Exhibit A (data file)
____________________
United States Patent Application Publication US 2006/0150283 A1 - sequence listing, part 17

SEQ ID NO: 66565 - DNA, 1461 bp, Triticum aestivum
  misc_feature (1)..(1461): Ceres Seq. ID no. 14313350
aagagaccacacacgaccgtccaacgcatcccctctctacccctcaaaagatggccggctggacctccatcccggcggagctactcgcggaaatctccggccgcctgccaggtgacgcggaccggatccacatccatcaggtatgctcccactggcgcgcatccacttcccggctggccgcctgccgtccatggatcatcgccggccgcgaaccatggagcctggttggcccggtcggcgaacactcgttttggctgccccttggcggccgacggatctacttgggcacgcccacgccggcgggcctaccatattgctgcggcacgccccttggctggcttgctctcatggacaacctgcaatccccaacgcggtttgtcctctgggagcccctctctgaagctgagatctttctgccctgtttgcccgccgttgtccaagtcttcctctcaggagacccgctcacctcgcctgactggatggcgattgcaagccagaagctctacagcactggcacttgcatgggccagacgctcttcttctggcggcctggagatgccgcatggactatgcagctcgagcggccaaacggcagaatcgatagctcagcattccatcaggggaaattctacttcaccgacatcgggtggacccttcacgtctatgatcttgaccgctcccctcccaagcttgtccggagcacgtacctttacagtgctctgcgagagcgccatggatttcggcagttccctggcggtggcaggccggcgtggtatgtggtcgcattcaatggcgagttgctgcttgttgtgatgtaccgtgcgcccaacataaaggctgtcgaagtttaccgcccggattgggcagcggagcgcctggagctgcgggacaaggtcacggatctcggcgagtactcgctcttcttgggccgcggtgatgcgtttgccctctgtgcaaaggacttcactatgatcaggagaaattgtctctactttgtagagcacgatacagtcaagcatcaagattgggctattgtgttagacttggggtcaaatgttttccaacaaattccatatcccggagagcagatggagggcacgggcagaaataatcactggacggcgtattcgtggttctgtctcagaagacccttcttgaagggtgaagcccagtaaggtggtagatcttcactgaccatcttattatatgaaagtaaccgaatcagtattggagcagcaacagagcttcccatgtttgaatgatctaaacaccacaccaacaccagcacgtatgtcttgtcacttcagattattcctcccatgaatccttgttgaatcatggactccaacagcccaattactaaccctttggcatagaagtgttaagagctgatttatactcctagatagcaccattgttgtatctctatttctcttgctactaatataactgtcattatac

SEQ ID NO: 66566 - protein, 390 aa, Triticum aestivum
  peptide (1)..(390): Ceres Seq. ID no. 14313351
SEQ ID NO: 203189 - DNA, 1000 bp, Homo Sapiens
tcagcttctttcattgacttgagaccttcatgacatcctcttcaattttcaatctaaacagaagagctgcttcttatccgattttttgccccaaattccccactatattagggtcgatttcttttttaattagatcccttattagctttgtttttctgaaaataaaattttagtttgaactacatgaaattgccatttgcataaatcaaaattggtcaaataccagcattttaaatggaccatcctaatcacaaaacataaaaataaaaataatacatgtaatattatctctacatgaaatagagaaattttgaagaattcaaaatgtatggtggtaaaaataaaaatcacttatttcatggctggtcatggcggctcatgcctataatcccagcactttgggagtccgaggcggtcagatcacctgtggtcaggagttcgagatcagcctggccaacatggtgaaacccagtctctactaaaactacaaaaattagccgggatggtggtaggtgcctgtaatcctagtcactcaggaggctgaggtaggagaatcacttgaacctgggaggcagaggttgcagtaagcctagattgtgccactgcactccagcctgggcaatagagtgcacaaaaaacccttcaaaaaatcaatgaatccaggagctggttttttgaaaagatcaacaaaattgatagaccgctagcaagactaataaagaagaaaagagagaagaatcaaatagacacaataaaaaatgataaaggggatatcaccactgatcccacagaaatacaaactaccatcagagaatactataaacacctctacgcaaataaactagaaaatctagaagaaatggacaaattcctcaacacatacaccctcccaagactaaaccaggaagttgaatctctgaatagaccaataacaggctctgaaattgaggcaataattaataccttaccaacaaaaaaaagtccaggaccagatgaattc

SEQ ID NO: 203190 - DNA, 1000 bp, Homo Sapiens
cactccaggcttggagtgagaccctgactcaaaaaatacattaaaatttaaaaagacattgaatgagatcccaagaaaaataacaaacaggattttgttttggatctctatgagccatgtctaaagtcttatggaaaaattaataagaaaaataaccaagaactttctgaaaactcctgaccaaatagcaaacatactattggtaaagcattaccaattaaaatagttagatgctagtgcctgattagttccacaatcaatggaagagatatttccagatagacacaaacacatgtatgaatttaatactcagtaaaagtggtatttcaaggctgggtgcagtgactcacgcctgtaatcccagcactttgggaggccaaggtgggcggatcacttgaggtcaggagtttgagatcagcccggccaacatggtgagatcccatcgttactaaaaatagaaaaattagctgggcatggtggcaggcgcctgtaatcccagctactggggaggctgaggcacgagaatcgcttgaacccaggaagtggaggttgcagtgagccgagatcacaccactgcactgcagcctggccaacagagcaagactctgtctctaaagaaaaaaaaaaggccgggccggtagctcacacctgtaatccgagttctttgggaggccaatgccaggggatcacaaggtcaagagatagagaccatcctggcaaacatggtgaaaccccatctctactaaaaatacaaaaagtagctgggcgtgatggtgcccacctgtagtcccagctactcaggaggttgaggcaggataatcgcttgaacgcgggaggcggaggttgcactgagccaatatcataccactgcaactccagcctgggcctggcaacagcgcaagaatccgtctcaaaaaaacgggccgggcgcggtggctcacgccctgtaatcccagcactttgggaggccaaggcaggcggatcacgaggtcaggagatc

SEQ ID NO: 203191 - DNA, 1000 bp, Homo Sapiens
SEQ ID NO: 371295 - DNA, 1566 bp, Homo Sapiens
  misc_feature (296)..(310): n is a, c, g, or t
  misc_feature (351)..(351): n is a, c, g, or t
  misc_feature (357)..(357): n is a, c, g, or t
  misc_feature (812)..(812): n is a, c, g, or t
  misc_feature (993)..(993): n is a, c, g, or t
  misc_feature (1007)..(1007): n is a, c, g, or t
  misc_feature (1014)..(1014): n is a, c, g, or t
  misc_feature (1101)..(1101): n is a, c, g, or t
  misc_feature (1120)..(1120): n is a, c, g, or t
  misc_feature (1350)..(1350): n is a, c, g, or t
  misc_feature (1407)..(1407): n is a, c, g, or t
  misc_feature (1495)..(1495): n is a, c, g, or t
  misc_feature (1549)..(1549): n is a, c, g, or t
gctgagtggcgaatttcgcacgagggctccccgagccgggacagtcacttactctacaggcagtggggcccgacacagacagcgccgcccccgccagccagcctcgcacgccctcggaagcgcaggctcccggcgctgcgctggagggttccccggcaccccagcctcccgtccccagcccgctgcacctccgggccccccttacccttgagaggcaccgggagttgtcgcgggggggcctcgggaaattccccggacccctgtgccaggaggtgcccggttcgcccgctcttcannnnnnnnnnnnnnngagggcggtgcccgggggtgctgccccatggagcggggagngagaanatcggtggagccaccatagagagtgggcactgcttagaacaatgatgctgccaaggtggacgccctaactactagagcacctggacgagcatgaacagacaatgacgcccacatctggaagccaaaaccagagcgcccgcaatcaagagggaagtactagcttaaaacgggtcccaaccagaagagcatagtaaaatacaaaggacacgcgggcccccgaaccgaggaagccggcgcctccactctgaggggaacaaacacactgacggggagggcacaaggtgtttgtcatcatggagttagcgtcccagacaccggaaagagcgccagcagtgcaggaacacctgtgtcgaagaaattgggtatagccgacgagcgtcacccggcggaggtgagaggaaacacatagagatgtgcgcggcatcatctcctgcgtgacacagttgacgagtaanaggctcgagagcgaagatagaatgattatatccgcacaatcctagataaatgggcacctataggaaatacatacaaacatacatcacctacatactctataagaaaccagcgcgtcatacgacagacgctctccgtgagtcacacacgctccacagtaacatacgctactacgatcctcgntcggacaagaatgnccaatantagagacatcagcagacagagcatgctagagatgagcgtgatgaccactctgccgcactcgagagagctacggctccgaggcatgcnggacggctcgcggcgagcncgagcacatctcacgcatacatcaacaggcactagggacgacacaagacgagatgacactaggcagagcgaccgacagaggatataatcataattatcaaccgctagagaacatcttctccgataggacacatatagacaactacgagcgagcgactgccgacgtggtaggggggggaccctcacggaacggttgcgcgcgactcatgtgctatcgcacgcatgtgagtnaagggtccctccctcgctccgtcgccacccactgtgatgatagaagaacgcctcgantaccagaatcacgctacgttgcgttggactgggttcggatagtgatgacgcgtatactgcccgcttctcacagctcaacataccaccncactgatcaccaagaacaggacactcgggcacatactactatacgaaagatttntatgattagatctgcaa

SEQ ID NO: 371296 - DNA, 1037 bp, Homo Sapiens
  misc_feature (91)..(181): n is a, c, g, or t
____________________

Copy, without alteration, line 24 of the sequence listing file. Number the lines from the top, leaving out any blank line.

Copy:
  misc_feature (1495)..(1495): n is a, c, g, or t